. Copyright (c) by Chris Crutcher . Reprinted by permission of HarperCollins Publishers, Inc. All rights reserved. Available now wherever books are sold.
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Customer Reviews

Average Rating 5
( 13 )
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Sort by: Showing 1 – 14 of 13 Customer Reviews
  • Anonymous

    Posted September 23, 2013

    Read tgis

    Thank youuuu thirteen reasons why for bring me here

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  • Posted January 30, 2009

    Stoic + Spartan...

    Four best friends decide to sign up for their tough swim coach's Stotan Week, without knowing what will happen. As they begin the week, the group realizes that they are going to go through a huge physical and emotional test--both in the water and out. Secrets are revealed, stories told, and bodies pushed past their original limits! Once I read this book I was hooked; I love the athletic aspect, but beyond that Crutcher's characters remind me of people I know in real life. The journey these boys take is entertaining, emotional, and exciting, and I would recommend this book to anyone who wants a good read--sports fan or not!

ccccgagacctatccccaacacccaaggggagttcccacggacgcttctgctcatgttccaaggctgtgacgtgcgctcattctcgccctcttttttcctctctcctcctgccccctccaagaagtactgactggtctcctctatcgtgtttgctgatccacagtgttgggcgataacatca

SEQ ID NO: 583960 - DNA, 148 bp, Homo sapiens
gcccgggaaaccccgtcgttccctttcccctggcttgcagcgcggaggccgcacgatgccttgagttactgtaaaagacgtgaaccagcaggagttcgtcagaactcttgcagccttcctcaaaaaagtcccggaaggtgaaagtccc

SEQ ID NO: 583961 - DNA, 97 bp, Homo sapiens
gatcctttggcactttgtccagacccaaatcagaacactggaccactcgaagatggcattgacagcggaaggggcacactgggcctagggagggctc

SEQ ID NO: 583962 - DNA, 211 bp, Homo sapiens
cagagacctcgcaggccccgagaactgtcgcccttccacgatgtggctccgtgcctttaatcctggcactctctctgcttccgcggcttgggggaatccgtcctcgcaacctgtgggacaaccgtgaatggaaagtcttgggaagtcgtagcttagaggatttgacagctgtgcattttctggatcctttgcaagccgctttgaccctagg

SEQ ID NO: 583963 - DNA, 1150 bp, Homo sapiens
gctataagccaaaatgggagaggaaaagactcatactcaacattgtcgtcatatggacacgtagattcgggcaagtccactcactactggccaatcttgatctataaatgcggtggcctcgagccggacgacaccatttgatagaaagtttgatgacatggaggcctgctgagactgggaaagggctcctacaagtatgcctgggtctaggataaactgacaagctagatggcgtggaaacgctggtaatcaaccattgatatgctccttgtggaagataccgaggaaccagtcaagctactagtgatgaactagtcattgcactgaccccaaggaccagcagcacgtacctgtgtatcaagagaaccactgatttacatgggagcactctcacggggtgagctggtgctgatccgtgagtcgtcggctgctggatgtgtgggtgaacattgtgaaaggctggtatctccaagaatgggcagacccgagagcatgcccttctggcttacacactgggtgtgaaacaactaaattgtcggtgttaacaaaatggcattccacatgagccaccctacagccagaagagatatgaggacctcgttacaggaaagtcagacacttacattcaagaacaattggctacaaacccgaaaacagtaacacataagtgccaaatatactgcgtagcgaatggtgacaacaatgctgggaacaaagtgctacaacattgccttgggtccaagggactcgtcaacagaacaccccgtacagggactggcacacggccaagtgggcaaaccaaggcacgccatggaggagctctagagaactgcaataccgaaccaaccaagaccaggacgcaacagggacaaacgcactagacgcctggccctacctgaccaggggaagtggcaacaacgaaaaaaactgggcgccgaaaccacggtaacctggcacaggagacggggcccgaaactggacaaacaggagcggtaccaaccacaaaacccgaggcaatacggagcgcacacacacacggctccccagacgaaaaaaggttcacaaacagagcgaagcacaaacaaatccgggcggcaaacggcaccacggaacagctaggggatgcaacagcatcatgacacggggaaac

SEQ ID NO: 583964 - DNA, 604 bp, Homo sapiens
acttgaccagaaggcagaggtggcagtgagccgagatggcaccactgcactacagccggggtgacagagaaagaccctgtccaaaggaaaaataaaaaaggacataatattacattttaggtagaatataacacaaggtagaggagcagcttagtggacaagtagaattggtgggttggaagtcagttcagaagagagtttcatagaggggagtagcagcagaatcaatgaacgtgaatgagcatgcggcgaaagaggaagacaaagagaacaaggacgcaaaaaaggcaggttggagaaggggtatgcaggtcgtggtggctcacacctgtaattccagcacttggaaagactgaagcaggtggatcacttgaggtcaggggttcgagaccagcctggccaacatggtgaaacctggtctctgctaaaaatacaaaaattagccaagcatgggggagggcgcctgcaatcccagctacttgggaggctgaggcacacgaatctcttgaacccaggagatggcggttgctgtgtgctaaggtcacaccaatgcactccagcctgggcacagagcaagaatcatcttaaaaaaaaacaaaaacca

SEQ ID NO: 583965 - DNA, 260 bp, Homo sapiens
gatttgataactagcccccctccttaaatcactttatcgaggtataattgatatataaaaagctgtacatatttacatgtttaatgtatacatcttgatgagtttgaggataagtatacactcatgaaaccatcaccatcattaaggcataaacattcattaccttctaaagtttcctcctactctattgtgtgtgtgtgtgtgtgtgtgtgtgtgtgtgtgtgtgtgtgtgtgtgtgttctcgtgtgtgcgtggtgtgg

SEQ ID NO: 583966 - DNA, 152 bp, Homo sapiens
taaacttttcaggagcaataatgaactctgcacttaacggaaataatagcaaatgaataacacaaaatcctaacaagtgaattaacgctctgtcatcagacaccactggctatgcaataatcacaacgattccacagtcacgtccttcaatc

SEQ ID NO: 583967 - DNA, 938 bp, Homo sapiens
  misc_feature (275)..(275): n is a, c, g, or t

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  • Anonymous

    Posted October 17, 2007

    A reviewer

    I have always enjoyed reading novels by Chris Crutcher and after reading Stotan, i walked away with a book i will always remember. It is a story about life and about losing it. It's about the power of love and the pain of lonliness. Being a High School teenager and an athlete, I found myself really being able to relate to the story. Crutcher does an amazing job of capturing the feel of life in a way thats honest and real. So read this book and enjoy it, because i certainly did.

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  • Anonymous

    Posted August 26, 2005

    Cerutty Lives On

    This book offers a really cool take on the 'Stotan' (cross between Stoic and Spartan) philosophy of training and living developed by the late Australian track coach Percy Wells Cerutty. Especially recommended for serious high school athletes.

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  • Anonymous

    Posted March 7, 2004

    Excellent, fantastic, and great book!

    I've read 6 of Chris's books, and this one is the greatest. I recommended it to my friends, all jocks, and within a week they were all screaming: 'Stotan! Stotan!' An all-around great book!